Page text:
English Language Learners: A Growing – Yet Underserved – Student Population
This issue of the Progress of Education Reform presents research and data on the educational issues related to the US English language learner (ELL) population. The brief calls for urgency in supporting the fastest growing population of students in K-12 schools. Key takeaways from the research and data described in the brief include:
Nearly one in 10 K-12 student in US public schools are English learners (and this number maybe systematically underestimated).
Long-term ELLs suffer worse outcomes than other English learners, and states generally do not monitor how long students are in English-learner programs.
Preschool programs are generally ill-equipped to help English learners, although cognitive research supports bilingual programs for preschoolers.
Many classroom teachers (pre-K-12 grade) receive little to no training in addressing ELL students’ needs.
Not only does this brief provide research-based recommendations to support ELLs, it also highlights approaches and lessons learned that can help inform state responses.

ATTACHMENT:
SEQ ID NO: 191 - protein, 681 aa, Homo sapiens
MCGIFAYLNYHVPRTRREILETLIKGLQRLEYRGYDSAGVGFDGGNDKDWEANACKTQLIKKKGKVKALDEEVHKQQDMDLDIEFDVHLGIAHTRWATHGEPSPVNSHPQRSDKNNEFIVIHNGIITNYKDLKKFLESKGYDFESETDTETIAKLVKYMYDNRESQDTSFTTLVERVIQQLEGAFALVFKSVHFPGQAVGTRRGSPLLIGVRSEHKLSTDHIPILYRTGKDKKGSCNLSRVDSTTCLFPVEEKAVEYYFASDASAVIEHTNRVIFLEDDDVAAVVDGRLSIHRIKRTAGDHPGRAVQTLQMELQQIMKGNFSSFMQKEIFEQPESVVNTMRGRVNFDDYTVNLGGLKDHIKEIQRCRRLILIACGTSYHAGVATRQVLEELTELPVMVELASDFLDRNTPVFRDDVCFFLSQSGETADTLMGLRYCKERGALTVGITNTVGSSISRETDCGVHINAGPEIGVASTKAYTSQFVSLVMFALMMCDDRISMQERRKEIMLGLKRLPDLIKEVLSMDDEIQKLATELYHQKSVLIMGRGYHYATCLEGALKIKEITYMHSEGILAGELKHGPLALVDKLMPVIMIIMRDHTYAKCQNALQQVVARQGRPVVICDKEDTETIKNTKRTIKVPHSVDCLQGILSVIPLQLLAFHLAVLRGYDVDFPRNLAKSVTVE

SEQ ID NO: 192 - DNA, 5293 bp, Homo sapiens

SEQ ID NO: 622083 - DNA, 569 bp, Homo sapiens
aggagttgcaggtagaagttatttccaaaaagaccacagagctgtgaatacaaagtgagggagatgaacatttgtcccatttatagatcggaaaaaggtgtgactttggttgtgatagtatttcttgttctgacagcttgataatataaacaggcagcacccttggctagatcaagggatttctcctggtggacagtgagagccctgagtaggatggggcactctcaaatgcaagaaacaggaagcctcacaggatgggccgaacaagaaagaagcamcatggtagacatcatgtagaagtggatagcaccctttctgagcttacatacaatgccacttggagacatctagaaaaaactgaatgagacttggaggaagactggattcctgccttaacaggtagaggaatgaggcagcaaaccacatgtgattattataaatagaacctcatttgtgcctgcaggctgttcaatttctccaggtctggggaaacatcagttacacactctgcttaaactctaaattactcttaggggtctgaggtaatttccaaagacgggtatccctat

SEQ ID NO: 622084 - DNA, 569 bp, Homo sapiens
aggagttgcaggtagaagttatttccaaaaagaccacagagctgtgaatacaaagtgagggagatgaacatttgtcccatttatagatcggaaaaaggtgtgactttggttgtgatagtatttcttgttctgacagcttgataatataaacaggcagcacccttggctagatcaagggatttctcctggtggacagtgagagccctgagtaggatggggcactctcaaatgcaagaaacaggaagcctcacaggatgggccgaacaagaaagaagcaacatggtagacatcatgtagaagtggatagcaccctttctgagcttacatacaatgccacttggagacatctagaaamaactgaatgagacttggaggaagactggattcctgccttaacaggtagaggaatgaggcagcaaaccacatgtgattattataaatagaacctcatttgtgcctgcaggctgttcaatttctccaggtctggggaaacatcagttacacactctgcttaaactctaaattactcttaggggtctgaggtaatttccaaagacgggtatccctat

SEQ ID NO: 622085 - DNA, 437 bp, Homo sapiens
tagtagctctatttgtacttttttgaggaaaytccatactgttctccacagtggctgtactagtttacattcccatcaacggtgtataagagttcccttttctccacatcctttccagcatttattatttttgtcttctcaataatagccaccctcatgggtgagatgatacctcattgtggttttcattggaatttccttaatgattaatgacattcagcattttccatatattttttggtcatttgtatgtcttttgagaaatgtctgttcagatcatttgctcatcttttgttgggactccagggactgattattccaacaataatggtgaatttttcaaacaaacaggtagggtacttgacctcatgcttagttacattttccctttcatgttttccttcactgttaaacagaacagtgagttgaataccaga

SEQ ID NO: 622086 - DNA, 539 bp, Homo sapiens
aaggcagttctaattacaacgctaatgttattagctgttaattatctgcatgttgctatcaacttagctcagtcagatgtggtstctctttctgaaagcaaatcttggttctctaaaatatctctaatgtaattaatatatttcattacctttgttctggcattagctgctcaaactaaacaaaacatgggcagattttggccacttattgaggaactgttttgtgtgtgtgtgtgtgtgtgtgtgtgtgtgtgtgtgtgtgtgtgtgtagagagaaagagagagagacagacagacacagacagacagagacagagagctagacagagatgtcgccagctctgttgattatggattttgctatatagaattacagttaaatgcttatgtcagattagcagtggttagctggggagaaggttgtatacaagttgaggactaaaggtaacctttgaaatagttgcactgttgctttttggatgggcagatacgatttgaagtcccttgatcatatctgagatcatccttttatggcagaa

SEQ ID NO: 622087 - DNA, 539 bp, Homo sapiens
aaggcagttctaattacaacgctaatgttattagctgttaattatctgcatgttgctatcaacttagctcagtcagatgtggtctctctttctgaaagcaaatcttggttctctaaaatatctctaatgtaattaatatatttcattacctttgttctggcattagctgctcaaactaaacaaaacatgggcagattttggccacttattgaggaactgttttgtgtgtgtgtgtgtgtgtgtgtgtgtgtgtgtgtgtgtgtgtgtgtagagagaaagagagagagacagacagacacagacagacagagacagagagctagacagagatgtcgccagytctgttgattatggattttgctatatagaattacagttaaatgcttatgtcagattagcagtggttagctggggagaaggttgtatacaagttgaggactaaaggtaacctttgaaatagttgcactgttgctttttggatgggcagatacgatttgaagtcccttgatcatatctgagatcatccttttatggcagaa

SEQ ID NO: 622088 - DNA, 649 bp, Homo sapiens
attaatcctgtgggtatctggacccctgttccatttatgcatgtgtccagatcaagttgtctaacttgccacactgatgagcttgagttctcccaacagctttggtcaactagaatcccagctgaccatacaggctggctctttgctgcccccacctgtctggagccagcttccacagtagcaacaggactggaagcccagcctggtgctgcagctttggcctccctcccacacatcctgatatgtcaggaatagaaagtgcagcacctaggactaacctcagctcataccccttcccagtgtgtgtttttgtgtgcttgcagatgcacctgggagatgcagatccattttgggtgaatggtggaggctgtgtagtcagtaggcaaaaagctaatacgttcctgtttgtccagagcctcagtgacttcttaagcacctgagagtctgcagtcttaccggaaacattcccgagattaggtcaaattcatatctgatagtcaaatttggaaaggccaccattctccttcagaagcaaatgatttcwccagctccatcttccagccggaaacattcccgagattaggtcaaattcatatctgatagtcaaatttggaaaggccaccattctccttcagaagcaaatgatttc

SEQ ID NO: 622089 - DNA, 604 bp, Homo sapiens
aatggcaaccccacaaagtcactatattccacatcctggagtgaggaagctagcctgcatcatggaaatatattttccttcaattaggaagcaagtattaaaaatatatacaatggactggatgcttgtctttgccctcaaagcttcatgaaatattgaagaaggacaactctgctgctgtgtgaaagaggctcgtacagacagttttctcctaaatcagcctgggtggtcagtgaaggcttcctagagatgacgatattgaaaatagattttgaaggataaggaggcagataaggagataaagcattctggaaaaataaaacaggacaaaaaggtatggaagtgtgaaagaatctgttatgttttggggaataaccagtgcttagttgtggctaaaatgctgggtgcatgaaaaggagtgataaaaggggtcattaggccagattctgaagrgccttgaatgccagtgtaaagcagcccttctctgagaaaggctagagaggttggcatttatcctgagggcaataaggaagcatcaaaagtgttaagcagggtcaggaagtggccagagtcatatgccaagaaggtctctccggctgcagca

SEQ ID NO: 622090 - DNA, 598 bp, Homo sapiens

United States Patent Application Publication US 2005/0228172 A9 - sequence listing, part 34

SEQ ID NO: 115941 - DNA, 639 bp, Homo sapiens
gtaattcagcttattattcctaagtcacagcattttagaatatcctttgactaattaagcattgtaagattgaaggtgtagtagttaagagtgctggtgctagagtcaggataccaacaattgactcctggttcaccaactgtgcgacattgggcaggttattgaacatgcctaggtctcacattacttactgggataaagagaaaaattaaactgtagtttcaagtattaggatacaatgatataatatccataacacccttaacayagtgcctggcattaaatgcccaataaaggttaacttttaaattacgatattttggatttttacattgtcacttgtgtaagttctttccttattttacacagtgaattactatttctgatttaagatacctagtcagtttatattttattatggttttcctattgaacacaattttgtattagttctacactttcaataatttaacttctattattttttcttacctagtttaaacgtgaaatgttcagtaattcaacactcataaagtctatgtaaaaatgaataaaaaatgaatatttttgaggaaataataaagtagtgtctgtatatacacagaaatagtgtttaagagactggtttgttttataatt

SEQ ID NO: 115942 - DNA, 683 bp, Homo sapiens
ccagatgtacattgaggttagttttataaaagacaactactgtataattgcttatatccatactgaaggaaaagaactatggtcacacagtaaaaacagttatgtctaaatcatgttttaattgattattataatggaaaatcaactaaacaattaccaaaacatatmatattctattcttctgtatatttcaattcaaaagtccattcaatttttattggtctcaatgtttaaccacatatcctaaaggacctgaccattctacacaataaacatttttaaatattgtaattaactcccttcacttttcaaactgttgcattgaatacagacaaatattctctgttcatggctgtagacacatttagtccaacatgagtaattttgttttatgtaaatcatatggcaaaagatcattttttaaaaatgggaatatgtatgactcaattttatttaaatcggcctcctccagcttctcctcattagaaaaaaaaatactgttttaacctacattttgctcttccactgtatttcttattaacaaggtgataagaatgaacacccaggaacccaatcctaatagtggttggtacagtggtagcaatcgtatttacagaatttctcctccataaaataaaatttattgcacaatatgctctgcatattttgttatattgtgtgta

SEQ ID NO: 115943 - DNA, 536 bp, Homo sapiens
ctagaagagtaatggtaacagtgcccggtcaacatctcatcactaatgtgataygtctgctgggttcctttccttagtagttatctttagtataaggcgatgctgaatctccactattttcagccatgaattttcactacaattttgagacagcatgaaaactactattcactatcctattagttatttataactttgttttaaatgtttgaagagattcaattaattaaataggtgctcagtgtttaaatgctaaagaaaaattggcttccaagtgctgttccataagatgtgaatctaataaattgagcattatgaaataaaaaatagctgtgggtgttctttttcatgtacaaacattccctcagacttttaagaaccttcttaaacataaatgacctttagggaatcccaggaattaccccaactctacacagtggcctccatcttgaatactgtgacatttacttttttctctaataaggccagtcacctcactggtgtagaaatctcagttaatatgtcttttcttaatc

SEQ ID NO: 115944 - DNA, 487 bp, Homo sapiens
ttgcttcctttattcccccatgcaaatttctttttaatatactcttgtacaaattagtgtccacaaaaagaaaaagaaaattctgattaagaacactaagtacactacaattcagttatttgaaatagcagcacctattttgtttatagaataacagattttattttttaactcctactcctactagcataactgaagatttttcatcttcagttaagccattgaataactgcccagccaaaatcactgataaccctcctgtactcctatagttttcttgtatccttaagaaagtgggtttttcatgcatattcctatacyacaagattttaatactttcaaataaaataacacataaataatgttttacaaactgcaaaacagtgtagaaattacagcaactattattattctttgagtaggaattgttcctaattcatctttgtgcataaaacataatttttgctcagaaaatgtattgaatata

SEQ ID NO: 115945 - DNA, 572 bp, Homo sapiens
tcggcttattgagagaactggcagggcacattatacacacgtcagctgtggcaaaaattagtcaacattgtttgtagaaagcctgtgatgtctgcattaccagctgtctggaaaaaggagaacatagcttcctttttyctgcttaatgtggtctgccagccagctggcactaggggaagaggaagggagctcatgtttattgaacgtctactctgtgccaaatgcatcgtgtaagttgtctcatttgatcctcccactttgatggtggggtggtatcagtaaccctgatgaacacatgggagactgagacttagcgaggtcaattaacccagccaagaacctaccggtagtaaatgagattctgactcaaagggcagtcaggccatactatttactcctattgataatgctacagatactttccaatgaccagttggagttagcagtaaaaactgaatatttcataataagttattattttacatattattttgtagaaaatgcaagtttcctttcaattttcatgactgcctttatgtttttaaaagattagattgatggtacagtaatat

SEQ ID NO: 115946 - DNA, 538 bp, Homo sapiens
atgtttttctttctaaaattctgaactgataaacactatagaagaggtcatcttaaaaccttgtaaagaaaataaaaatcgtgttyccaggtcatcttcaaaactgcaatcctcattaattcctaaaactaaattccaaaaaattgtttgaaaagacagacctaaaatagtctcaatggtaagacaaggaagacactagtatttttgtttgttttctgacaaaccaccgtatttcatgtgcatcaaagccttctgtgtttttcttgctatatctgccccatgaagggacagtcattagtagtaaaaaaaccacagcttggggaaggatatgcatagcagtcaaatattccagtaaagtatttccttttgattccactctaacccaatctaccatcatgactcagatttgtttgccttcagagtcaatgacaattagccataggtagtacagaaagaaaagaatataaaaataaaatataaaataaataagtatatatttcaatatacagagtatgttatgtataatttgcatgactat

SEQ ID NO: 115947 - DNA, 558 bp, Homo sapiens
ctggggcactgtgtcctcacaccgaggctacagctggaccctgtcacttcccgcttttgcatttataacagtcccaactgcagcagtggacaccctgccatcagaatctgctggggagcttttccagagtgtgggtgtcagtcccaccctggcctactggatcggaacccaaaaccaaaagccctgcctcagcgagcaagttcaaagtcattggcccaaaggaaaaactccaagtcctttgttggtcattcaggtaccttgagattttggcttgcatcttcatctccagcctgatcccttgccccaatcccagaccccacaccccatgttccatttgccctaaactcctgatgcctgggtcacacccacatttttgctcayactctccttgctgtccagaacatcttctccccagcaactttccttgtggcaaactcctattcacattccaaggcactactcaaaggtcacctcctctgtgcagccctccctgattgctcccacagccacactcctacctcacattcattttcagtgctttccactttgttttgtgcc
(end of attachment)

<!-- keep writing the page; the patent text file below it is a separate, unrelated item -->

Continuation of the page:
This brief is intended to help state education agencies (SEAs) consider policies that are supportive of their ELL students. English learners’ readiness for college and careers is a paramount issue for many states, and this resource does an excellent job in presenting facts on the achievement of ELLs and how states can support their English learners. For example, Illinois is the only state (at time of the brief’s publication) to extend the definition of ELLs to include pre-K students. This legislative move made English proficiency screenings, assessment, and teacher preparation and certification applicable to pre-K programs. Another example is how four states now require all classroom teachers complete training in English as a second language. These state examples, coupled with research-based findings, make this resource highly-readable and relevant.